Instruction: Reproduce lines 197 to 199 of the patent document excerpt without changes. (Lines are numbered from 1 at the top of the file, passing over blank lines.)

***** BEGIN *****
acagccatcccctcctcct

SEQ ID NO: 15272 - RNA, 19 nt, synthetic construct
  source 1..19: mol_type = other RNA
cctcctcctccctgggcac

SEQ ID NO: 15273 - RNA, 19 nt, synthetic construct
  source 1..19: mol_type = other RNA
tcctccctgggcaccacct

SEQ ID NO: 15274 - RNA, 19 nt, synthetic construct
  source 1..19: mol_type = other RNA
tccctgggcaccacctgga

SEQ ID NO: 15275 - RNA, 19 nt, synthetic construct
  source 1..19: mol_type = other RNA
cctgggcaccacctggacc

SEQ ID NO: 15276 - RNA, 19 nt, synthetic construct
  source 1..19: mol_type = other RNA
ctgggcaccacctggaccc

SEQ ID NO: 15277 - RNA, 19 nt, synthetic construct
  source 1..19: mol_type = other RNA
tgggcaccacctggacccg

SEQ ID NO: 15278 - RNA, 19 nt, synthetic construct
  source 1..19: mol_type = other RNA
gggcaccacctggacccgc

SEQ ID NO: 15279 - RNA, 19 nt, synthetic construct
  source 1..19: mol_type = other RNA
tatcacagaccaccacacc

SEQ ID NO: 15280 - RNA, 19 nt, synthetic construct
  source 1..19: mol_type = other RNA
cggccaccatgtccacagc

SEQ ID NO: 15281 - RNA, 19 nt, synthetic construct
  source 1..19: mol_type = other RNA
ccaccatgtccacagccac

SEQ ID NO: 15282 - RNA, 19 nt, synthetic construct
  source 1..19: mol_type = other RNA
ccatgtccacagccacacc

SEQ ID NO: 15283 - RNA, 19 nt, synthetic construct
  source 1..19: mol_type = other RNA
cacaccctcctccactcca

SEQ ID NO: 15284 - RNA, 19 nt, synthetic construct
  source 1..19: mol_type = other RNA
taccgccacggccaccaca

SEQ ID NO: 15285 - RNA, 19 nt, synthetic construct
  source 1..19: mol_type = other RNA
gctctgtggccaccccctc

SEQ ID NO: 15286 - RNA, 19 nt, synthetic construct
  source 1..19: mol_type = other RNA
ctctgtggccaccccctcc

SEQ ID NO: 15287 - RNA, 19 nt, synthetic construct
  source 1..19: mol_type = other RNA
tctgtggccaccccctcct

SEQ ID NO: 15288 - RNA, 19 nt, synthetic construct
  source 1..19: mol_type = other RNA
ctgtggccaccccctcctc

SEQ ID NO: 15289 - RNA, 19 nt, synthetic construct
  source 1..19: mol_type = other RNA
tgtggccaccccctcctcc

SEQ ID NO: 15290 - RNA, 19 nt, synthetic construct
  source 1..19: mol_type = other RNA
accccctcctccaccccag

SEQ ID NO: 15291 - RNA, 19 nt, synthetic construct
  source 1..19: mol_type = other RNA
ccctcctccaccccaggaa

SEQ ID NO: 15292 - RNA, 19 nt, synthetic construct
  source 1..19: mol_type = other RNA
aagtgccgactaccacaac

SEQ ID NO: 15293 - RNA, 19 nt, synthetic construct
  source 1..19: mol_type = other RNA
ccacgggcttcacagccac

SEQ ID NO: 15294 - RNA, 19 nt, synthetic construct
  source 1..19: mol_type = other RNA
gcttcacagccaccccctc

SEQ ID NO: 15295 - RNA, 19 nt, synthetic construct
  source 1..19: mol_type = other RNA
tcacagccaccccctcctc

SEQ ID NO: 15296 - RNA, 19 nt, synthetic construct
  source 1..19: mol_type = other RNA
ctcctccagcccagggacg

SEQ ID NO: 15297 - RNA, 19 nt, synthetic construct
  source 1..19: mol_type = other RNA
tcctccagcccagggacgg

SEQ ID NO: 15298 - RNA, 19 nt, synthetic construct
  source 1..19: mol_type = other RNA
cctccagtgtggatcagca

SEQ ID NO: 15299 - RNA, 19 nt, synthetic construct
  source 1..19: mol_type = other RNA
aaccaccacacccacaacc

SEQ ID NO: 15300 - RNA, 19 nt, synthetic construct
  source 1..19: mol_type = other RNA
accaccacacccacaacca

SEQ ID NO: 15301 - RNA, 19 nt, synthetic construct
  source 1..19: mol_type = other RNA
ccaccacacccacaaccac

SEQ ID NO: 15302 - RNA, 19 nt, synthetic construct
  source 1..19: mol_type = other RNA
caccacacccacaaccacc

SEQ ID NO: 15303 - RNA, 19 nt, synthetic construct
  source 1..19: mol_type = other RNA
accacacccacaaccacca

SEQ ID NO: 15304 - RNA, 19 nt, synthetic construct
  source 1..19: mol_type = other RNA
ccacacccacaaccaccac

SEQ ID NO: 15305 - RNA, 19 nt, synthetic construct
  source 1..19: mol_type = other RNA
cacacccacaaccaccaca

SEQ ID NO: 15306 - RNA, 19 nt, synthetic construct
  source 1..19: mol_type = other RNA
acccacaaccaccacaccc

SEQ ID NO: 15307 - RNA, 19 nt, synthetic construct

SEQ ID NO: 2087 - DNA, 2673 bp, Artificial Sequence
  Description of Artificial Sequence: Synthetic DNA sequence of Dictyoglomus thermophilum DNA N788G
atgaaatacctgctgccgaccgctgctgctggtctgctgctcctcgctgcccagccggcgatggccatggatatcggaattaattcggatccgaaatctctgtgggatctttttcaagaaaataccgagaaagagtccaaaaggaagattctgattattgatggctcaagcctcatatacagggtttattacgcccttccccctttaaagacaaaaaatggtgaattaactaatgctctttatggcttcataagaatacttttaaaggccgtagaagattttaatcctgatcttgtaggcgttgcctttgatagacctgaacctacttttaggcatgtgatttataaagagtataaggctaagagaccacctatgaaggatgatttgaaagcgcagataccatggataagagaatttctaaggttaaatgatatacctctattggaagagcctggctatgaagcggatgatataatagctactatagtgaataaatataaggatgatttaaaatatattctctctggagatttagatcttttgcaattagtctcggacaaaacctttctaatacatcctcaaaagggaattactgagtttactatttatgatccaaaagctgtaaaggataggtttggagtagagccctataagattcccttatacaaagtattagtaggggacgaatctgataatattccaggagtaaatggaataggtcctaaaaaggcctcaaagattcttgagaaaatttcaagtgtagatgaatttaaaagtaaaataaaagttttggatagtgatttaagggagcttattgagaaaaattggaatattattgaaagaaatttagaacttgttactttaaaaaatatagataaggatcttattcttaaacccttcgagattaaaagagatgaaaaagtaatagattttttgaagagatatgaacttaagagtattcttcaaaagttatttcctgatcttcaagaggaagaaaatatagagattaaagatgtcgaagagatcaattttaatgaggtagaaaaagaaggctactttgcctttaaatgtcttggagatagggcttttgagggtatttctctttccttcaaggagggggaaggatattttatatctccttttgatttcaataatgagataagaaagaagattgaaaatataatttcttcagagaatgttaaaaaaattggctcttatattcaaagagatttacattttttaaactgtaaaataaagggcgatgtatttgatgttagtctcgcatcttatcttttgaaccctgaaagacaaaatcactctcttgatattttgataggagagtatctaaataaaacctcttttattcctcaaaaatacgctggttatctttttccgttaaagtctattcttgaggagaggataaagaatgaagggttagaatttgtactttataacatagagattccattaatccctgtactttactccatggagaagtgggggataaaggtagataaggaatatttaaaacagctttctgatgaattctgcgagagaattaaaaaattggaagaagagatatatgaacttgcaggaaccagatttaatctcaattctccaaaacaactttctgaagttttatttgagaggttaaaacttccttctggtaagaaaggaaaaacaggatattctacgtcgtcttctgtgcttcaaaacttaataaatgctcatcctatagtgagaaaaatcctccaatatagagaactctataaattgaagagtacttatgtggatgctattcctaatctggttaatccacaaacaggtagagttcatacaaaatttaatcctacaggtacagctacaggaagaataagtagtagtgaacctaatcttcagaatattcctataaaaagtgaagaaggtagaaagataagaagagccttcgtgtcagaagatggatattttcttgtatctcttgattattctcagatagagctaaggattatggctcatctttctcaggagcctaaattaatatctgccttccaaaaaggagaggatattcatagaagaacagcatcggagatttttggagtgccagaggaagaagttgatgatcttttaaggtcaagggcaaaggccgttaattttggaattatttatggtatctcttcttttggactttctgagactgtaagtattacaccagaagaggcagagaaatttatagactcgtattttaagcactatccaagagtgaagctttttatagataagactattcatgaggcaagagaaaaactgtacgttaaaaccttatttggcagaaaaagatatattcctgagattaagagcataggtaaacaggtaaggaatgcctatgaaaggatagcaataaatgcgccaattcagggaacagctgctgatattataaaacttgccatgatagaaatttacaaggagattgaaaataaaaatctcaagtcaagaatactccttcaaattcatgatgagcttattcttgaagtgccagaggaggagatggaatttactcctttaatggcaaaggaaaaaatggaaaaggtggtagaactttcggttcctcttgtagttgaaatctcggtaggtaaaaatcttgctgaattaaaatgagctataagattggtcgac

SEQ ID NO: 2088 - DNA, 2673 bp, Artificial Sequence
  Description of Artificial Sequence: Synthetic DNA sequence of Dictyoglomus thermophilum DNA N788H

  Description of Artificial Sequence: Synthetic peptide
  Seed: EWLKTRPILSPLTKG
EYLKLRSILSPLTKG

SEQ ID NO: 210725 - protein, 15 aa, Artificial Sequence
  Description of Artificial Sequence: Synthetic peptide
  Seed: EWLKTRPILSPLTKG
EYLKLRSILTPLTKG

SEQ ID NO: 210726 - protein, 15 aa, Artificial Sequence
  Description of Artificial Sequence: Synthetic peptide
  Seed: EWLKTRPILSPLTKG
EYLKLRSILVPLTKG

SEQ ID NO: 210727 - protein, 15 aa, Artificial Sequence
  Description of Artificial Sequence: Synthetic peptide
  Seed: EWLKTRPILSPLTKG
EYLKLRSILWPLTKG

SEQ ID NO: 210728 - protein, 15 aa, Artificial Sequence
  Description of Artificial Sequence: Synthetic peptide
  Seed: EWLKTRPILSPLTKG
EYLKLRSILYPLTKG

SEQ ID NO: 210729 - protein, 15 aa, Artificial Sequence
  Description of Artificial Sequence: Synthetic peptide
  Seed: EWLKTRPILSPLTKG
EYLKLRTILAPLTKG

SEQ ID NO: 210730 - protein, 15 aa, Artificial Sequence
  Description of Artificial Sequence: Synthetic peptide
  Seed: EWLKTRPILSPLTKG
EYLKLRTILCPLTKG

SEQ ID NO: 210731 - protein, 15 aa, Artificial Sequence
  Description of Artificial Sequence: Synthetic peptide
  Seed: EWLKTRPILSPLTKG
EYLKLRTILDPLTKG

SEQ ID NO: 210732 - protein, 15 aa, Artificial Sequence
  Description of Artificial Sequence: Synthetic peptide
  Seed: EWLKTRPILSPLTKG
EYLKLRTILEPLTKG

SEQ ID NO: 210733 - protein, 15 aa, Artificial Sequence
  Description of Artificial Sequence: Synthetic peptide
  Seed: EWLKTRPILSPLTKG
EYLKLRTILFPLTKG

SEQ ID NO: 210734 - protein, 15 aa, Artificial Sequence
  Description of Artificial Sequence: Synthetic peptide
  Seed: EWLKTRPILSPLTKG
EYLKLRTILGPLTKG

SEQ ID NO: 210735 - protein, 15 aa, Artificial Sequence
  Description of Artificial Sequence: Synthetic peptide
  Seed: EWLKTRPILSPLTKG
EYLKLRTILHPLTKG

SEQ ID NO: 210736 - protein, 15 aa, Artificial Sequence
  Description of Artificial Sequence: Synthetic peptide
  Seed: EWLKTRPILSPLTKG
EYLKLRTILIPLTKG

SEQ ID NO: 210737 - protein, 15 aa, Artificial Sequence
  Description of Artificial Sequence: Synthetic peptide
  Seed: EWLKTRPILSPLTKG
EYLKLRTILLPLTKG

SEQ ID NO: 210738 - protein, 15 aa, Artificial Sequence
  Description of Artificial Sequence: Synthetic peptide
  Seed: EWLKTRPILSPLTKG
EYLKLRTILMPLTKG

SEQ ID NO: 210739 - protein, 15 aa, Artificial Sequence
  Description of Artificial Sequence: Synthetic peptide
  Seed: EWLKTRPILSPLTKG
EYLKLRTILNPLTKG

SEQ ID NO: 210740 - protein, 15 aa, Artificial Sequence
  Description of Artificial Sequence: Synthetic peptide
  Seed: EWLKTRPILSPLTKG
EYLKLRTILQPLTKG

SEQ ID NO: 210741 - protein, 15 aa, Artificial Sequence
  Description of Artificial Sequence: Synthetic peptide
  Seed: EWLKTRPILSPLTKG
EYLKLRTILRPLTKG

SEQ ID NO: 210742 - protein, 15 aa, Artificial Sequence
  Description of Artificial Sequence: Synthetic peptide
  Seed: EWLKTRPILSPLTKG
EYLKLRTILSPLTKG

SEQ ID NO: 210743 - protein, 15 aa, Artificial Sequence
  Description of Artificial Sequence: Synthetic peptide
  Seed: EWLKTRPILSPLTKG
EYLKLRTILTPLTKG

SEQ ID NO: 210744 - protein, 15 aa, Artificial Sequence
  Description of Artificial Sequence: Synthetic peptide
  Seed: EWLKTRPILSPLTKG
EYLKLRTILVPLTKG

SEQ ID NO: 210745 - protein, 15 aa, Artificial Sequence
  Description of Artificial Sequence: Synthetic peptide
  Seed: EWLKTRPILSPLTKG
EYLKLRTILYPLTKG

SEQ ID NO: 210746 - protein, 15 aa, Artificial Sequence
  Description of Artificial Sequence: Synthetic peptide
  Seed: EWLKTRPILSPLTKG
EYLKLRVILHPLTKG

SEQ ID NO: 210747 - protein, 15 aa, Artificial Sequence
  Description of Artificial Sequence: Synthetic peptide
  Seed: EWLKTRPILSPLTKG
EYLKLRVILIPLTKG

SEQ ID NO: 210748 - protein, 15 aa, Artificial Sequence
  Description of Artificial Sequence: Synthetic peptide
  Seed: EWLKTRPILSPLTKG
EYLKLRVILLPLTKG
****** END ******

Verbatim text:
  Description of Artificial Sequence: Synthetic peptide
  Seed: EWLKTRPILSPLTKG
EYLKLRTILYPLTKG